Lionfish: Colorful Invasive Reef Fish

by | Feb 10, 2016 | Fish, Photography, Reef, Science | 0 comments

Good morning all, I have a fun Lionfish portrait for you all today that I shot with my trusty 105 macro. We still see these beautiful invasive fish on every dive but on some reefs they are really doing a good job at keeping the numbers down.

Pretty much everything about the venomous lionfish—its red-and-white zebra stripes, long, showy pectoral fins, and generally cantankerous demeanor—says, “Don’t touch!” The venom of the lionfish, delivered via an array of up to 18 needle-like dorsal fins, is purely defensive. It relies on camouflage and lightning-fast reflexes to capture prey, mainly fish and shrimp.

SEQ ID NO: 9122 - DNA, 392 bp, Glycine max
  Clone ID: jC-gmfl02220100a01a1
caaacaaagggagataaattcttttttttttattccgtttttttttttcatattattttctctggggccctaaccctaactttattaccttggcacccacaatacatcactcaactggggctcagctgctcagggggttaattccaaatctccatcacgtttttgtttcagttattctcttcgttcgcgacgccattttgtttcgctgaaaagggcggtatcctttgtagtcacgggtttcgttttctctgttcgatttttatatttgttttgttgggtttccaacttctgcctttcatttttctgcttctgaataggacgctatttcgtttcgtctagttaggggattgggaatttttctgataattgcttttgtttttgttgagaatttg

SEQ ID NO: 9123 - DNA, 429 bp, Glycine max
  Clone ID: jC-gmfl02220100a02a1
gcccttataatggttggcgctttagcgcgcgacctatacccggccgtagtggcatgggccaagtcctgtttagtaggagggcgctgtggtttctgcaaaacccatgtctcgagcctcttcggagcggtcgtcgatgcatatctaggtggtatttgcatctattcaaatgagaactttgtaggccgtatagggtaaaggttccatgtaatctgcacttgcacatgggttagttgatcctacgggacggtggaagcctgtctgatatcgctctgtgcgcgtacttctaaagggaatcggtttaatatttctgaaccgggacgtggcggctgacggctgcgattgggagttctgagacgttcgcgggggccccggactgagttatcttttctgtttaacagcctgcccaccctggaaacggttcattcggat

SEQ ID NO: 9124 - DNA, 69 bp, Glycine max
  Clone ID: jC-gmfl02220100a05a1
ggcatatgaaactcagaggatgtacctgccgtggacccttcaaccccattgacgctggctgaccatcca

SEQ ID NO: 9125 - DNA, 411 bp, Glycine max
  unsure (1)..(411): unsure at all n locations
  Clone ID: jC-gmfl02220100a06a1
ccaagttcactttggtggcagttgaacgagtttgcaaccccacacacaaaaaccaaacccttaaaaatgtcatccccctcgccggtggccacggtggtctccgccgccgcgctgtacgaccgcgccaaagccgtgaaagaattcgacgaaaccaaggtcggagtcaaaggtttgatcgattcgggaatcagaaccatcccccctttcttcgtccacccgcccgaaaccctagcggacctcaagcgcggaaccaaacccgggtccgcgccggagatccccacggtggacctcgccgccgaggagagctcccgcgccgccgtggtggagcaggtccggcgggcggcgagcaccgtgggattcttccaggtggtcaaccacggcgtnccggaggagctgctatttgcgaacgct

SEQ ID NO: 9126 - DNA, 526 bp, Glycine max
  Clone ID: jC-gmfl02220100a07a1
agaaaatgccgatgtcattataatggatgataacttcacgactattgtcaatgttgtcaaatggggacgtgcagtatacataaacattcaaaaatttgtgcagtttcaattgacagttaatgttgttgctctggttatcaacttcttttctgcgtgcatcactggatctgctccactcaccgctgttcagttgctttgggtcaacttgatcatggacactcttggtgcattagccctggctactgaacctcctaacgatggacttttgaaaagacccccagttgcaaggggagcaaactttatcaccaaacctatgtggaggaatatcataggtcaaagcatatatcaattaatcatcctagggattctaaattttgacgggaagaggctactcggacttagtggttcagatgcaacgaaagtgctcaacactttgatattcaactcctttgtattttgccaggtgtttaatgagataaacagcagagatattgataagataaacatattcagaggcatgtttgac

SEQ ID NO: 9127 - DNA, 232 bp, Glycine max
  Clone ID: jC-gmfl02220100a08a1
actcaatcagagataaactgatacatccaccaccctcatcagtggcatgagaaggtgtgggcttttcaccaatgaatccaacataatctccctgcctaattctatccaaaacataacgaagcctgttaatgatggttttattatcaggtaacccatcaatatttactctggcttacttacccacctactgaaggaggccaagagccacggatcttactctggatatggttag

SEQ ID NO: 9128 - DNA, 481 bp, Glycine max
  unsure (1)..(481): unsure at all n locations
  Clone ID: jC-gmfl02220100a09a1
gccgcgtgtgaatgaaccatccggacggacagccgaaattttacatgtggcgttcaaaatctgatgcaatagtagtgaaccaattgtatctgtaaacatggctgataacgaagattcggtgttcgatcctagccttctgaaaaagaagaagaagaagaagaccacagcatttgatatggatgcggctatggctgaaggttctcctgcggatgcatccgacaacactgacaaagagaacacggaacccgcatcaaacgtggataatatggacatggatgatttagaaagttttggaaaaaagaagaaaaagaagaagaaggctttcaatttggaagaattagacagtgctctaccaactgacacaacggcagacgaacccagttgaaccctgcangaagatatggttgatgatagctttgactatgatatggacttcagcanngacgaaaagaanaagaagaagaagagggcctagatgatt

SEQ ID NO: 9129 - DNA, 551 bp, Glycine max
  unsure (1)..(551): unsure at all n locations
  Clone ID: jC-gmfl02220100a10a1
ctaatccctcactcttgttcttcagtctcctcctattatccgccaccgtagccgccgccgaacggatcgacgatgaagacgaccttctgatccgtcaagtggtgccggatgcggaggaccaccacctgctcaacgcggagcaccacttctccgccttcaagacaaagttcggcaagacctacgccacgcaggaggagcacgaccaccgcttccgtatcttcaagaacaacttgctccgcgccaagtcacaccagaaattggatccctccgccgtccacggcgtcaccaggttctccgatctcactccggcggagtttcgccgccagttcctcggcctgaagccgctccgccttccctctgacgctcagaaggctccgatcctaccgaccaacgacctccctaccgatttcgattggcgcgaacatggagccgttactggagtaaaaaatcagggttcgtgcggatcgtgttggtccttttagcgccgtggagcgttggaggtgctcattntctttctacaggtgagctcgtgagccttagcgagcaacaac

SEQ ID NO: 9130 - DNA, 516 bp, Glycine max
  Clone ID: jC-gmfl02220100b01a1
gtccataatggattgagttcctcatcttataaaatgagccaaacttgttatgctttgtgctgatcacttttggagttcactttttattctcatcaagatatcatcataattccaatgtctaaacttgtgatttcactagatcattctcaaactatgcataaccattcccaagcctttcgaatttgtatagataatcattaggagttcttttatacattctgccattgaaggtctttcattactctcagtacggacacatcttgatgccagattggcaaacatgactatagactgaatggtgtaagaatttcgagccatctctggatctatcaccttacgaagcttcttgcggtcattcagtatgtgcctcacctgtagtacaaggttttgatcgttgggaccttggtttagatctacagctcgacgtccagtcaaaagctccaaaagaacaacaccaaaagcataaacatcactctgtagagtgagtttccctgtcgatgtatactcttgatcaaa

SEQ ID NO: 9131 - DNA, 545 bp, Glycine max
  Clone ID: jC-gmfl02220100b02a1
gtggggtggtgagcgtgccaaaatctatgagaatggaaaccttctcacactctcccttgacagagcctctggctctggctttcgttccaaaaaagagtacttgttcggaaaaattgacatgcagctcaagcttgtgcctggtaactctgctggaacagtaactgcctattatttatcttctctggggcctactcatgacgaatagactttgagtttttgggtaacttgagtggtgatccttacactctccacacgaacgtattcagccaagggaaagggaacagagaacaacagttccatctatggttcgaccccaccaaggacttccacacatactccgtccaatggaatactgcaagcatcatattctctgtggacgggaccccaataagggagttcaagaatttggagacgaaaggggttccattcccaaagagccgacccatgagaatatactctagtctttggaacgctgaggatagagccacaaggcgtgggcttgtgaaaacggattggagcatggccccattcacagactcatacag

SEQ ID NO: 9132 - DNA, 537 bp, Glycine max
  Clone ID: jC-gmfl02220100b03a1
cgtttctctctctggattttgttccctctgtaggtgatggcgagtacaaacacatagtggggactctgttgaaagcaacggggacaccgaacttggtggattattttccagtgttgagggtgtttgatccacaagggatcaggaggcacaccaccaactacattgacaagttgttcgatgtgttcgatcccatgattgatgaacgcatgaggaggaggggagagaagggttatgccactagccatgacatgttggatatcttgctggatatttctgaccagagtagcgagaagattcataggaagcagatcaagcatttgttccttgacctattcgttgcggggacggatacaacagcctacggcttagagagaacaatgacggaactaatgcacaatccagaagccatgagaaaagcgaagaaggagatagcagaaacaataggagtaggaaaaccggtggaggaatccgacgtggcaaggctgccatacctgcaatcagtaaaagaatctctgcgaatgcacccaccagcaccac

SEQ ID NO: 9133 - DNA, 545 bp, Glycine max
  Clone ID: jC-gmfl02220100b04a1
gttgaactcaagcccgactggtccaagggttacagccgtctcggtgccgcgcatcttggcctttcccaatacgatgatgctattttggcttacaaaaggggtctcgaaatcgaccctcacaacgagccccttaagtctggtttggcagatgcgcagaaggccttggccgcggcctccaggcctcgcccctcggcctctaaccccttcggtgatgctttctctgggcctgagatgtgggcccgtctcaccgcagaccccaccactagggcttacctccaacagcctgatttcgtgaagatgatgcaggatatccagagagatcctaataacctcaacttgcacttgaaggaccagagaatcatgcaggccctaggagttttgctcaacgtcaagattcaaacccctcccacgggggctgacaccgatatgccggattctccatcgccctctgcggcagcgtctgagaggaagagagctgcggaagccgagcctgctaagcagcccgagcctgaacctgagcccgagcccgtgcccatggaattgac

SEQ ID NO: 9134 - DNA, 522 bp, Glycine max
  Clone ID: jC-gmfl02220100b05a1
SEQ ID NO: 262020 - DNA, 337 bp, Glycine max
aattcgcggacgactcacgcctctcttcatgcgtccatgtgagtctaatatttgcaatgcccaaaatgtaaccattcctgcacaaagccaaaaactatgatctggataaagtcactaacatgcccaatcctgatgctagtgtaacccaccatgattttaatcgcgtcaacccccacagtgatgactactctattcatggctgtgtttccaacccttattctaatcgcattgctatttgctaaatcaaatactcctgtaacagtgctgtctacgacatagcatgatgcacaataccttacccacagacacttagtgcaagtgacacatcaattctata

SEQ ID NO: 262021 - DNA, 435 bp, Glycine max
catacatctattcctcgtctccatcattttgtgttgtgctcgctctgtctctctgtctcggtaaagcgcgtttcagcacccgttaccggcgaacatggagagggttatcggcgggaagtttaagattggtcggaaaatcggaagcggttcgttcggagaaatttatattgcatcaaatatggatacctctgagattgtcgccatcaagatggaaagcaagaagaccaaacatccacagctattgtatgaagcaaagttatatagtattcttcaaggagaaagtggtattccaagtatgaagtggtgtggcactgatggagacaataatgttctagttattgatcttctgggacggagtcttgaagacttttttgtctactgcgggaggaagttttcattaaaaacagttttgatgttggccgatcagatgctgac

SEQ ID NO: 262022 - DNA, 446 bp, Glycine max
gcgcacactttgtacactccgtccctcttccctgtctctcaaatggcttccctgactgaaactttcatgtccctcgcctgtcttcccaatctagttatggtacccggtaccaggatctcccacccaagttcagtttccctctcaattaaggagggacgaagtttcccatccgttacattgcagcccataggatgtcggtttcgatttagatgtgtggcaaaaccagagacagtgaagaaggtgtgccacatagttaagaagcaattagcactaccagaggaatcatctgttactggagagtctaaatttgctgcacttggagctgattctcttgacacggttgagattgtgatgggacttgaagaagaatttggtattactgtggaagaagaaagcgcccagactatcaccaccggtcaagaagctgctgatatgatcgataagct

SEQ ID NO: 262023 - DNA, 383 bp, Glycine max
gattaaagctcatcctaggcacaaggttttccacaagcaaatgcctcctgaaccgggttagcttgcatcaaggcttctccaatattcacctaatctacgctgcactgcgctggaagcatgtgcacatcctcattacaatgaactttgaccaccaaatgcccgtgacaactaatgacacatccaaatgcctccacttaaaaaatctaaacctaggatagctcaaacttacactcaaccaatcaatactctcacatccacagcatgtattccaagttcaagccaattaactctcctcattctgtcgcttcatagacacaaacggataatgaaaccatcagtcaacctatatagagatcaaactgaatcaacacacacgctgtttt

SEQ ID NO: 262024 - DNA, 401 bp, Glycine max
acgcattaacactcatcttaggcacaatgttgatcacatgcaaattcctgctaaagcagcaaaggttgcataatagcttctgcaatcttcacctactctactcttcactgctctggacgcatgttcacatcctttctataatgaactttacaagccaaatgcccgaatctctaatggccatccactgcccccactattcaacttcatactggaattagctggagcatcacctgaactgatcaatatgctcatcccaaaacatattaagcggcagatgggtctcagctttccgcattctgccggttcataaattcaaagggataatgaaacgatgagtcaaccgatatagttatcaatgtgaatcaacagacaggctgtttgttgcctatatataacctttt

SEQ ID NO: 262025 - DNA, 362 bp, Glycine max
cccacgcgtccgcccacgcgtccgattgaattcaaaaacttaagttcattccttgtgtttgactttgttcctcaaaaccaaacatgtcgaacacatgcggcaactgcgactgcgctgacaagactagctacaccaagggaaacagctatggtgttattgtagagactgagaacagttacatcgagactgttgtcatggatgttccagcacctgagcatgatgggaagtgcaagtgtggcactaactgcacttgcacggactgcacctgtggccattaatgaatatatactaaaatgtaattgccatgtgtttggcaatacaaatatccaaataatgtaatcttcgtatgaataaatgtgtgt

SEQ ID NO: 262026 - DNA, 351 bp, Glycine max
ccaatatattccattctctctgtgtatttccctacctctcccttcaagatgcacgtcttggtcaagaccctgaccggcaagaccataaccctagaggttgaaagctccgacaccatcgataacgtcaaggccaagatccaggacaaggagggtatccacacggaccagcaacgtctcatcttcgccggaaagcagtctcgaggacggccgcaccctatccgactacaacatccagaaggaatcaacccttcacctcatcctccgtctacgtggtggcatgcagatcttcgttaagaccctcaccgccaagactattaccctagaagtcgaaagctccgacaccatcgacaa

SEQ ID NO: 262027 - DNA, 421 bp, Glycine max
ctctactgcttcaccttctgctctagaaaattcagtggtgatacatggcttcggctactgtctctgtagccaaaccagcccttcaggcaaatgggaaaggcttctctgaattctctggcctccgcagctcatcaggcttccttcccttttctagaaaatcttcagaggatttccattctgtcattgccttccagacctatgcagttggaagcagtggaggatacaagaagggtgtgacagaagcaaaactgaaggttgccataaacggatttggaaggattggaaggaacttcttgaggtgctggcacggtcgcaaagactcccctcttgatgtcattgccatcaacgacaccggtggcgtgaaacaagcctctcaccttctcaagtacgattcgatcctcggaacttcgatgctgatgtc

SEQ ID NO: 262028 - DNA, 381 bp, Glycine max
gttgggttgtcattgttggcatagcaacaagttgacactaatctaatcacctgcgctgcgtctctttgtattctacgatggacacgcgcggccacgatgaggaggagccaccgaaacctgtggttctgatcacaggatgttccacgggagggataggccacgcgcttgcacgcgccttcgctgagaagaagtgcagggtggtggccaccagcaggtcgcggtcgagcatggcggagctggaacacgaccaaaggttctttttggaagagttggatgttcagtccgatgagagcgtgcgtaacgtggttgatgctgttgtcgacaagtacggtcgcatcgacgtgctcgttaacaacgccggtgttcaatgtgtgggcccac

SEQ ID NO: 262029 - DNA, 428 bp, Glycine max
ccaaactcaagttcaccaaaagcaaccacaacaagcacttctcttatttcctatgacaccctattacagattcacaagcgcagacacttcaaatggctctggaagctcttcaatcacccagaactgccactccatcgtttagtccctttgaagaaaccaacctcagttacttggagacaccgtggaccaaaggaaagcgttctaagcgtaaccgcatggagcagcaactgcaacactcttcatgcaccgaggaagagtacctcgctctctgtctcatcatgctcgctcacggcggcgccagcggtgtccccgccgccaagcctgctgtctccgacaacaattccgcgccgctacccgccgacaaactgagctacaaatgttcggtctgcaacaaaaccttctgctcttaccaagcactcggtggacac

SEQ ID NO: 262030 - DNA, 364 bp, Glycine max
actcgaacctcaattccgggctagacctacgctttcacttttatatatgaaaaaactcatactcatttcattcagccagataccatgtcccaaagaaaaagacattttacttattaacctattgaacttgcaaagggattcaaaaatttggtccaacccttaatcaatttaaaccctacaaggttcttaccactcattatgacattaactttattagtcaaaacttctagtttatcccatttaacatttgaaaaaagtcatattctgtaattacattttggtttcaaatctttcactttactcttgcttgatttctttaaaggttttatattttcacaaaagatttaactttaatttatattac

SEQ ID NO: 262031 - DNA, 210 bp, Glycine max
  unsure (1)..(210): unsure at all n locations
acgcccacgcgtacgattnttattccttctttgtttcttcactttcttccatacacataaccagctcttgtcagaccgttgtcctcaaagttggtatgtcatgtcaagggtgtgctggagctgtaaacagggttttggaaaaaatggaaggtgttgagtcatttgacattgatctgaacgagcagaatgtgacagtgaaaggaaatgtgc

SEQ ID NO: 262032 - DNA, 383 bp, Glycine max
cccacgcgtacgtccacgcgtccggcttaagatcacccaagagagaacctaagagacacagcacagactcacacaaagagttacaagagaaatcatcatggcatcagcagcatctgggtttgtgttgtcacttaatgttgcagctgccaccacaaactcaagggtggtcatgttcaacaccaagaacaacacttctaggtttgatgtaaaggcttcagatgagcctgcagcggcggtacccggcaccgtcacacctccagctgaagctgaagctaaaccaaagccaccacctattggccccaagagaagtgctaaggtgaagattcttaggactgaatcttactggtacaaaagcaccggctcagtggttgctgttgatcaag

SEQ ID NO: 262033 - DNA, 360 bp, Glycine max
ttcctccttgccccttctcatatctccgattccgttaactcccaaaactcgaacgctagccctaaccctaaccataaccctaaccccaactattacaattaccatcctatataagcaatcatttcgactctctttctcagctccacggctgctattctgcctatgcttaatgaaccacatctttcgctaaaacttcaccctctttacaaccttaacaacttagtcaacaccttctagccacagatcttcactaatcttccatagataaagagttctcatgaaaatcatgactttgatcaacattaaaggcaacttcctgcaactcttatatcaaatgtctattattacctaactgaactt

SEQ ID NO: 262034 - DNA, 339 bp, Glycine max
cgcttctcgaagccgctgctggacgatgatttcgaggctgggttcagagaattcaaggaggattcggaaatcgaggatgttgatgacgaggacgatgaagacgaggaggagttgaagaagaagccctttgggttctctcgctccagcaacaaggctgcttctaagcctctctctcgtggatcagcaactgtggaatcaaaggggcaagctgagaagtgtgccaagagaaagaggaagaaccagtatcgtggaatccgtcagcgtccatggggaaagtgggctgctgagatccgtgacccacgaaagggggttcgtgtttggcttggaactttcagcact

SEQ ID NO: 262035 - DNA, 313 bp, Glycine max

A sting from a lionfish is extremely painful to humans and can cause nausea and breathing difficulties, but is rarely fatal.

Lionfish, also called turkey fish, dragon fish, and scorpion fish, are native to the reefs and rocky crevices of the Indo-Pacific, although they’ve found their way to warm ocean habitats worldwide, and are popular in some parts of the world as food, but are far more prized in the aquarium trade.

The largest of lionfish can grow to about 15 inches (0.4 meters) in length, but the average is closer to 1 foot (0.3 meters). MORE


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